Some have been more timid about their decision-making, with Costco saying in a statement, “Our employees work especially hard during the holiday season and we simply believe that they deserve the opportunity to spend Thanksgiving with their families. Nothing more complicated than that.” Others have been much more vocal: To announce last year they’d close for Turkey Day, Menards, a home-improvement chain, bought a full-page newspaper ad.

“Some things are sacred, including spending time with family and loved ones on Thanksgiving and other holidays,” said Jim von Maur, president of Von Maur, a Midwest department store chain, in an announcement last year. “We profitably run our business during the remaining 358 days of the year, so we don’t have to sacrifice tradition for the sake of sales.”

Companies don’t make the decision to swear off selling stuff on the holiday lightly. A survey by consulting firm Accenture found that 45 percent of Americans planned to shop on Turkey Day, up from 38 percent last year. And most shoppers had few qualms about leaving the holiday dinner table: 32 percent of shoppers said they would avoid brick-and-mortar stores on Thanksgiving because it would interfere with family time, down from 41 percent last year.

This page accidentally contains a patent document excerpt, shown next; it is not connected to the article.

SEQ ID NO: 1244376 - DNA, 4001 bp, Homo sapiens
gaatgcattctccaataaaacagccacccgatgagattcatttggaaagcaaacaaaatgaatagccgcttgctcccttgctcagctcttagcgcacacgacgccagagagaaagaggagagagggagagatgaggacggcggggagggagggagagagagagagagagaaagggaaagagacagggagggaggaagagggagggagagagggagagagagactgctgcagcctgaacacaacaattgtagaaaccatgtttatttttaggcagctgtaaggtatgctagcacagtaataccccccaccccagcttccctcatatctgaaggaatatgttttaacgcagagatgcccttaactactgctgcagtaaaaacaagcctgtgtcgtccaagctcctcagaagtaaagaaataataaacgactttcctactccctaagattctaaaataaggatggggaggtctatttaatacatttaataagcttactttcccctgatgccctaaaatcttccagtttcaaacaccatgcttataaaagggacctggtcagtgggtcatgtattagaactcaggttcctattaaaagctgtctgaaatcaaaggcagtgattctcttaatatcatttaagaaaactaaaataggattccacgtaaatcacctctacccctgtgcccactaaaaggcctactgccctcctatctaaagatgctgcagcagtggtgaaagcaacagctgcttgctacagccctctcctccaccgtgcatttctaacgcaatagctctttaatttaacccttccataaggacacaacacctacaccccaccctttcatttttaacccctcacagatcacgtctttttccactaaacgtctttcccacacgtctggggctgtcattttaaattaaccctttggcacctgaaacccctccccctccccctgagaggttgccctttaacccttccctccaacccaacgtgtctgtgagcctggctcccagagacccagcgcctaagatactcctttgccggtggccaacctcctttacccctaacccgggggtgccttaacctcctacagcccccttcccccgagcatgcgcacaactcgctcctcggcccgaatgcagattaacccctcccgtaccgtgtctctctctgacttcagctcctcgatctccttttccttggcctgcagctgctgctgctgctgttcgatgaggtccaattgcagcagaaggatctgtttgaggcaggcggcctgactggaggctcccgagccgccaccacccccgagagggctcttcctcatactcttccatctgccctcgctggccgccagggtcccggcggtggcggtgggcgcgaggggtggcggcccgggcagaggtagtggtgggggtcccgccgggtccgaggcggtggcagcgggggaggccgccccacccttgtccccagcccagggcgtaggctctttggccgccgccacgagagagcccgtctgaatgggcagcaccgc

For the country’s biggest retailers, Black Thursday business has proven too attractive to avoid. Walmart, the country’s biggest private employer, will be open all day, with the best deals starting right around dinner time. J.C. Penney, Best Buy and Toys ‘R’ Us will open at 5 p.m., and Kohl’s, Macy’s, Sears and Target will open at 6, for those unable to wait to save $20.99 on a Little Tykes Trampoline.

Some of the stores will stay open all night and marathon into Black Friday: Kmart will let shoppers in at 6 a.m. on Thanksgiving and stay open for 42 hours straight. And several could use all the buying help they could get. Target, which will open two hours earlier than it did last Thanksgiving, has been seeing fewer customers and has resorted to closing some of its big-box stores.